Consider this a follow-up to this morning’s post on religious freedom. Someone — and not a stranger — recently said to me on Twitter, “I am concerned that you think only conservatives have religious rights.” A pretty damning accusation, if true. But it isn’t true. I’ll cite just one example in my defense. Four years ago I wrote in response to the “Ground Zero mosque” controversy:
But the really sad thing is that people who call themselves conservatives — Newt Gingrich, Sarah Palin — should be crying out for apparatuses of the state to limit and police voluntary religious association. This is a profoundly anti-conservative view in two ways. First, it is historically myopic, as Mayor Bloomberg’s brief history of controversies about religious freedom in New York City demonstrates. It’s remarkable that people who invoke the Founders so regularly and in such tones of devotion could be utterly deaf to the Founders’ concern to ensure freedom for mistrusted minority religions. They might start by reading George Washington’s once-famous letter to the Newport synagogue, paying special attention to this sentence: “It is now no more that toleration is spoken of, as if it was by the indulgence of one class of people, that another enjoyed the exercise of their inherent national gifts.” In Washington’s understanding, it is misbegotten even to ask the question, “Should we tolerate this?”
Moreover, the Gingrich-Palin view of the matter is as blind to the future as it is to the past. No one would make such an argument who did not anticipate that his or her own religious preferences will forever be enshrined as the socially dominant ones. Having endorsed the principle that minority religions can be policed by the state, Gingrich and Palin may well be unpopular figures to their descendants, if Christianity continues to decline as a force in American culture.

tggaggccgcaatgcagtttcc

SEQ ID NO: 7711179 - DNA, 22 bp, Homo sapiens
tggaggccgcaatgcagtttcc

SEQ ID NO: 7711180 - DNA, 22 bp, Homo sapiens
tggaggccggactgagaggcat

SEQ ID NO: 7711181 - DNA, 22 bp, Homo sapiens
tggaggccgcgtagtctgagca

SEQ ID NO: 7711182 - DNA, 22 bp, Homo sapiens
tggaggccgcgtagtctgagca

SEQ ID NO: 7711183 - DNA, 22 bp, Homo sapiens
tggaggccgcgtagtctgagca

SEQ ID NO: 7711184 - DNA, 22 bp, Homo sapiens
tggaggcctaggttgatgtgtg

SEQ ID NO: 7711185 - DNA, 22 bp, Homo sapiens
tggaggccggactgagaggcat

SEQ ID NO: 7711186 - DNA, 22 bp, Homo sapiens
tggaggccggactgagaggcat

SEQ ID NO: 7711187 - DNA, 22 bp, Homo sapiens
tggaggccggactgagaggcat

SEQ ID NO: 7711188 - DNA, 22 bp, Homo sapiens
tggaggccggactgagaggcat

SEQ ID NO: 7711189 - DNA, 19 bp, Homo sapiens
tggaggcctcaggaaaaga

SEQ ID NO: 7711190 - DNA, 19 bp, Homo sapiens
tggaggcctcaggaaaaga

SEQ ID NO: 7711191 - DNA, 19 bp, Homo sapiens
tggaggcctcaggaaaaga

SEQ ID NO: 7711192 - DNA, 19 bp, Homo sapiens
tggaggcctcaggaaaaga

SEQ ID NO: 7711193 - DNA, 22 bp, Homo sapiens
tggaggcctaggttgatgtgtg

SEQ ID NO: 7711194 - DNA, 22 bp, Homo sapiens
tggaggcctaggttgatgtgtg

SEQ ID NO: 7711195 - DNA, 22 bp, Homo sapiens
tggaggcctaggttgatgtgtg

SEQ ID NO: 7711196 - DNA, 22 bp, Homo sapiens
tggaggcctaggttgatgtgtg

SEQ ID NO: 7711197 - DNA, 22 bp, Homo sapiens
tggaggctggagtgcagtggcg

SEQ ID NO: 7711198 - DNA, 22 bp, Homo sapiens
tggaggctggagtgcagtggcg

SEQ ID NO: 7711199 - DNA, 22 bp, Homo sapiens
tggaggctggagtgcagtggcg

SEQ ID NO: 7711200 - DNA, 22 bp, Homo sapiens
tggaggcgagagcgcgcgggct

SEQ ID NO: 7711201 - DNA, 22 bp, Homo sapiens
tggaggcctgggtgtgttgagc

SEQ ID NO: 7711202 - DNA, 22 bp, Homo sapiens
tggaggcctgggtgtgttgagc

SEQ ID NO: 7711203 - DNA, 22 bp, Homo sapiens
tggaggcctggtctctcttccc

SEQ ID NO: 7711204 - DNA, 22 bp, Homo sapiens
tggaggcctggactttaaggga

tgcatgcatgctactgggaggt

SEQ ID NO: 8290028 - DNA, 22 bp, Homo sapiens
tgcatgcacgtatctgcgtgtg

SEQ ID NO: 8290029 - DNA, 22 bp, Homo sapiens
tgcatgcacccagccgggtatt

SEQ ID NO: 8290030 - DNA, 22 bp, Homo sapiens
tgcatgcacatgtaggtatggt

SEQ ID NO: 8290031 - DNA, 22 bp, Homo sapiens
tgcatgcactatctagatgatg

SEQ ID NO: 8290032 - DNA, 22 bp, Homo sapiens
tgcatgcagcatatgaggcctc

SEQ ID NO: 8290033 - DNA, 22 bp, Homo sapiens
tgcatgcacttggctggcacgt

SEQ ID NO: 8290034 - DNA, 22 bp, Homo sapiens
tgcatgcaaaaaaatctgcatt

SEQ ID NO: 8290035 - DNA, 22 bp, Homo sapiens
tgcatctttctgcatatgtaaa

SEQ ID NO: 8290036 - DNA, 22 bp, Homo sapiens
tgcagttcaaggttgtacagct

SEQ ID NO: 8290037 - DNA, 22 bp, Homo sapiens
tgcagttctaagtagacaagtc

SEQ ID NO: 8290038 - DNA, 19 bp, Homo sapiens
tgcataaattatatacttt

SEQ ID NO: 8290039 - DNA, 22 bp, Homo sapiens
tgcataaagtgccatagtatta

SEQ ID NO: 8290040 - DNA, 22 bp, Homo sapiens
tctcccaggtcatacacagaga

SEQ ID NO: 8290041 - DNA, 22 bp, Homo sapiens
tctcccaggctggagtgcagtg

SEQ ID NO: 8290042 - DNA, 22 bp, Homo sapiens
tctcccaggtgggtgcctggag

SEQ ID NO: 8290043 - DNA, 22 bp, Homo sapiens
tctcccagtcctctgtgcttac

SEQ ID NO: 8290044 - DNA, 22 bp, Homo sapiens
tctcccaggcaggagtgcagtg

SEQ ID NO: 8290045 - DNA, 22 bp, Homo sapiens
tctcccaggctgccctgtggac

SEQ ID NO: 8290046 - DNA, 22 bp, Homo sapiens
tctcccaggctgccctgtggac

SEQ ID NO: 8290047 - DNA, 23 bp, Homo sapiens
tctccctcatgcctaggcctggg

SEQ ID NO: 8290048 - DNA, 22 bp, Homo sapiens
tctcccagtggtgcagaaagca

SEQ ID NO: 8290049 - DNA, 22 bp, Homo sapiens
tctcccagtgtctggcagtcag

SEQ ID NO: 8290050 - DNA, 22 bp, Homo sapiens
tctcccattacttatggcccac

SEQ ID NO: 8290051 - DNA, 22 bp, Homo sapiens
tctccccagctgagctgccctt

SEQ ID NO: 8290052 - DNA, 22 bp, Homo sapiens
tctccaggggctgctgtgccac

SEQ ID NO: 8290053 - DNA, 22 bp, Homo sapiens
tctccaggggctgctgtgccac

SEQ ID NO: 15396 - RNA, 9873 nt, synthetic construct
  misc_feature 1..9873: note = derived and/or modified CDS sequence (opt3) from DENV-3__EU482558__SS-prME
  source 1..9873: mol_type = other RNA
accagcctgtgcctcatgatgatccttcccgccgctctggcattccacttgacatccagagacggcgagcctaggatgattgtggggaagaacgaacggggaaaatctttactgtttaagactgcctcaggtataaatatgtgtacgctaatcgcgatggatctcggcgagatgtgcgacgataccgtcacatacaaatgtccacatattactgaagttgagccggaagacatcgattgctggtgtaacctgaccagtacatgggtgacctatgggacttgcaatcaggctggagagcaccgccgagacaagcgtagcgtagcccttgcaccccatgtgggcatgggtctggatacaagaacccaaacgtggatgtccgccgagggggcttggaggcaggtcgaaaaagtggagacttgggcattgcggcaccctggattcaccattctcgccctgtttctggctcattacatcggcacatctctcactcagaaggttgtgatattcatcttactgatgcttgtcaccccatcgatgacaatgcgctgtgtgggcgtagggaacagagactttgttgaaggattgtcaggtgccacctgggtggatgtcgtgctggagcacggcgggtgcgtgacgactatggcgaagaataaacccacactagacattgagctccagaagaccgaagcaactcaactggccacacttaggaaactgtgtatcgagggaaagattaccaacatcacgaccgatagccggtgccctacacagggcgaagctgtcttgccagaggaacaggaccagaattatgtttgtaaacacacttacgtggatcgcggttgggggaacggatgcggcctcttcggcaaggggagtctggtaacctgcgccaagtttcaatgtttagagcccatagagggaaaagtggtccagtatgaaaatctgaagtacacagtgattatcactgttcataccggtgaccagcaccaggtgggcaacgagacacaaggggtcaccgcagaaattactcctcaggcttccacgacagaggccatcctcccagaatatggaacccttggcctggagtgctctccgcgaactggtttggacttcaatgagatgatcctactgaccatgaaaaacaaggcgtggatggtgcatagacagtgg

In other words, when the religious freedom of Muslims was under threat, I made precisely the same arguments that I am making today, and described the view being taken by many who call themselves religious conservatives as “an infantile grasping after a fleeting and elusive cultural dominance.”
Again, that’s just one example. So why would someone accuse me of thinking that only conservatives have religious rights? Because at this particular moment, it’s religious traditionalists whose claims to liberty are at issue. And the person who made that accusation is thinking only in terms of this particular moment — which is exactly what the internet firehose of news (and “news”) always prompts us to do. So again: let’s try to think wider, and think longer. And if we can’t easily assume the perspective of the longue durée, we at least ought to be able to cast our minds back four freakin’ years.